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The Invictus Games (Gaullican: Jeux invictus, Vespasian: Giochi invitto) are a major international multi-sport competition in which athletes from across the globe participate. The two major set of events are the Summer and Winter Games, but there are also the Youth and Paravictus Games. The Games are held every four years, alternating between Summer and Winter every two years.
The modern Invictus Games began when Girolamo Aurelio Fioravanti founded the International Invictus Committee and hosted the first games in Solaria in 1898. The games were based on the Sol Invictus festival held in the late Solarian Republic, which were a celebration of Sol, the patron god of old Solaria. The ancient Solarians competed in a number of sports and shows of physical prowess to prove that they were worthy of Sol's supreme patronage. Additional inspiration was taken from the Solarian triumphs and the similar but distinct Mytikas games which took place in ancient Piraea.
[sol invictus games, mytikas games, solarian triumphs] [maybe also attempted revivals or other international competitions] [a world fair perhaps?]
Foundation and first game
Winter, Youth and Paravictus games
[discuss the launch of the winter games, the youth games, and the paravictus games]
20th century games
21st century games
Summer Invictus Games
Winter Invictus Games
Youth Invictus Games
[discuss the Invictus Spirit, the ethos of the games]
International Invictus Committee
The International Invictus Committee is the governing body for the Invictus Games. It works in partnership with National Invictus Committees (NICs) which represent participating nations. The IIC and NICs, according to the Invictus Charter, are jointly responsible for ensuring the integrity of the Games. On occasion, the IIC has banned NICs from participation for violating the Charter and by-laws, the most recent example being the six-year ban given to the Champanian NIC due to proven allegations of doping.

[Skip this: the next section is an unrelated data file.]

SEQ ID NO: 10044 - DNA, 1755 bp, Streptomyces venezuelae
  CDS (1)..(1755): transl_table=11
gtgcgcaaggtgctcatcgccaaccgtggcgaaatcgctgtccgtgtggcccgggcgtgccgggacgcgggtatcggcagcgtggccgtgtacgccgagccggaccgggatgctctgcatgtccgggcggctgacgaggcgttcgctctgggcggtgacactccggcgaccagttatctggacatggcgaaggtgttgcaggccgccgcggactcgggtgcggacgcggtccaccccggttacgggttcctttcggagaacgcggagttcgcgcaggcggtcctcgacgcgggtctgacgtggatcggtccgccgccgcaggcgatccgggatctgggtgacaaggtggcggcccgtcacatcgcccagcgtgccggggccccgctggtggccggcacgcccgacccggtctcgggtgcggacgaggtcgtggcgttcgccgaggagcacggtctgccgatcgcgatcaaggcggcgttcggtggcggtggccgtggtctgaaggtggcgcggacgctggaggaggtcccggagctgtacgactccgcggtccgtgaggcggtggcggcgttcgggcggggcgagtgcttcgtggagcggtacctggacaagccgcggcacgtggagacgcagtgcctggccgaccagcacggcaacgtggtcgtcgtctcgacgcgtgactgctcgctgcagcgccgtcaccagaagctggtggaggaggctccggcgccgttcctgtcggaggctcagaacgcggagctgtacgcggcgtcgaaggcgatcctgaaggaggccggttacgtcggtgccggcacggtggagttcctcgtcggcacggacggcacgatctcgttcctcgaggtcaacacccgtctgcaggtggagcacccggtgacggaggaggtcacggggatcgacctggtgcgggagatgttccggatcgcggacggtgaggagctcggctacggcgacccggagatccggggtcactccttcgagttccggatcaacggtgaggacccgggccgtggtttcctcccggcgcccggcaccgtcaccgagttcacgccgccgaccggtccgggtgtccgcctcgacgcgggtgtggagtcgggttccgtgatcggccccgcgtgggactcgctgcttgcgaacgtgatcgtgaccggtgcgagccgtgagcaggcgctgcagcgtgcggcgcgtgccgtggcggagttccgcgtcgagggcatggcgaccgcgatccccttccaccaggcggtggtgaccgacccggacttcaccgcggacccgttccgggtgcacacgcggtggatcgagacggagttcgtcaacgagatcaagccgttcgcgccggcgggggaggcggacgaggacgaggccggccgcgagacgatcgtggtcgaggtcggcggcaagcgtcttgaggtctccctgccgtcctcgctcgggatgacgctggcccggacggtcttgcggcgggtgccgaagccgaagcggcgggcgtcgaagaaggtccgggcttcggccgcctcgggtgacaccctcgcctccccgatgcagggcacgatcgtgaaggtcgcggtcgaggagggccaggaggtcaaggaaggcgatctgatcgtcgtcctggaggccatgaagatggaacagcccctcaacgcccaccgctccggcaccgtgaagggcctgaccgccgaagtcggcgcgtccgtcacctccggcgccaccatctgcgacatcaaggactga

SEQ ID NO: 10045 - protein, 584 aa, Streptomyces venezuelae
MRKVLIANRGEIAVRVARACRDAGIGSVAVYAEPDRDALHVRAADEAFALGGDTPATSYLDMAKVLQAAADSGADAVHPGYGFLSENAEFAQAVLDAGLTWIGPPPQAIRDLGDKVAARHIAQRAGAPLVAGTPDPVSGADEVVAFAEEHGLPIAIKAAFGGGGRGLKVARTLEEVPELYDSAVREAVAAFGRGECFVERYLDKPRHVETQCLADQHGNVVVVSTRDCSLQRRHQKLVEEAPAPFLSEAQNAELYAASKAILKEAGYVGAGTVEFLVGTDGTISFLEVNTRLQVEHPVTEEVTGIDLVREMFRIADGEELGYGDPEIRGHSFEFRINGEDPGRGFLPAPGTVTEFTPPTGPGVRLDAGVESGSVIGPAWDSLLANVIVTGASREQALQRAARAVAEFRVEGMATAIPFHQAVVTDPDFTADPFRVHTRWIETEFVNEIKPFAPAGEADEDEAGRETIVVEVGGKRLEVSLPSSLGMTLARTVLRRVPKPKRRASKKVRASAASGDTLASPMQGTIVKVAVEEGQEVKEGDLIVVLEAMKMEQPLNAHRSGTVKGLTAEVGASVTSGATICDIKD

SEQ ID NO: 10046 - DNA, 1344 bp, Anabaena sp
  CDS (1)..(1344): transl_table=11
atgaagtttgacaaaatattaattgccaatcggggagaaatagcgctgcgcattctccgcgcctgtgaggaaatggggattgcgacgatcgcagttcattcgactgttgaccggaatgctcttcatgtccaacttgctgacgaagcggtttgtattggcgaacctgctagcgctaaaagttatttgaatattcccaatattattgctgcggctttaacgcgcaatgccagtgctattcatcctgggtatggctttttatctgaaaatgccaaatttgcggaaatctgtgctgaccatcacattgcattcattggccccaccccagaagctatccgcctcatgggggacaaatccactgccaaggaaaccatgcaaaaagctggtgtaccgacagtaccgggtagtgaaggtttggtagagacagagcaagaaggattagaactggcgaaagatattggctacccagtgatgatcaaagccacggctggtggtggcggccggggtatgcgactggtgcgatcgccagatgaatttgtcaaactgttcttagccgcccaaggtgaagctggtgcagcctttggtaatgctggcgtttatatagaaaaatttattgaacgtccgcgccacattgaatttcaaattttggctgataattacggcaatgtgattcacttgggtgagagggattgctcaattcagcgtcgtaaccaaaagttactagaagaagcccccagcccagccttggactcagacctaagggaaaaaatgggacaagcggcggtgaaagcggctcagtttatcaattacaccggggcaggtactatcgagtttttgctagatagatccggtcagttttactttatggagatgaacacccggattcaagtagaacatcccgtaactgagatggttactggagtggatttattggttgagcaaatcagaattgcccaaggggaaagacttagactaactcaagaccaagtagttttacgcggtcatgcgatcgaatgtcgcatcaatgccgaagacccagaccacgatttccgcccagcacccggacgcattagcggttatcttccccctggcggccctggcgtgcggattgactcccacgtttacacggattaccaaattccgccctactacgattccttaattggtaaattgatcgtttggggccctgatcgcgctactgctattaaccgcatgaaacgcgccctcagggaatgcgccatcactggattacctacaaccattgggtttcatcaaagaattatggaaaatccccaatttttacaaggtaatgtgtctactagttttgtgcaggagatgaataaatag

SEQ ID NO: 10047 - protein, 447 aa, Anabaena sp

President of the IIC
The privilege of hosting the games is controversial and often hard-fought, as it is both considered an honour and has a positive effect on the host nation's economy. This honour went entirely to Euclean nations prior to the Solarian War, with only Adunis, at the time a part of Gaullica proper, hosting an Invictus Games outside of Euclea or Asteria Superior before 1950. At the time, the bidding process was largely ad-hoc, with NICs putting their case to the Euclean-dominated IIC. The large Euclean colonial empires also meant that there were very few independent nations in the global south eligible to host.
After the conclusion of the Solarian War, however, the world had changed. Decolonisation was taking place, and the Etrurian empire had collapsed. The IIC changed the bidding process for the Summer Invictus Games to make it more equitable. Instead of bidding for each Games individually, countries would bid for a set of three Games, with one nation from Euclea, Coius and Asteria being chosen to host a game in each bloc. The first set of Games to use this system was the 1950, 1954 and 1958 Games, hosted by Estmere for Euclea, Eldmark for Asteria and Senria for Coius. This is the system which remains in place to this day.
The Invictus emblem depicts three arcs, one each in red, blue, and yellow, forming an unfinished circle. The arcs symbolize the three Invictus continents of Euclea, Coius, and Asteria reaching out toward each other, and the incomplete circle symbolizes the ever-unfinished work of international cooperation in sport. The design also recalls the shape of the medals that are awarded to top athletes.
The Invictus flag's design consists of the Invictus emblem on a white background.
The most recently added sport at the Summer Games was esports, at the 2022 Games in Verlois.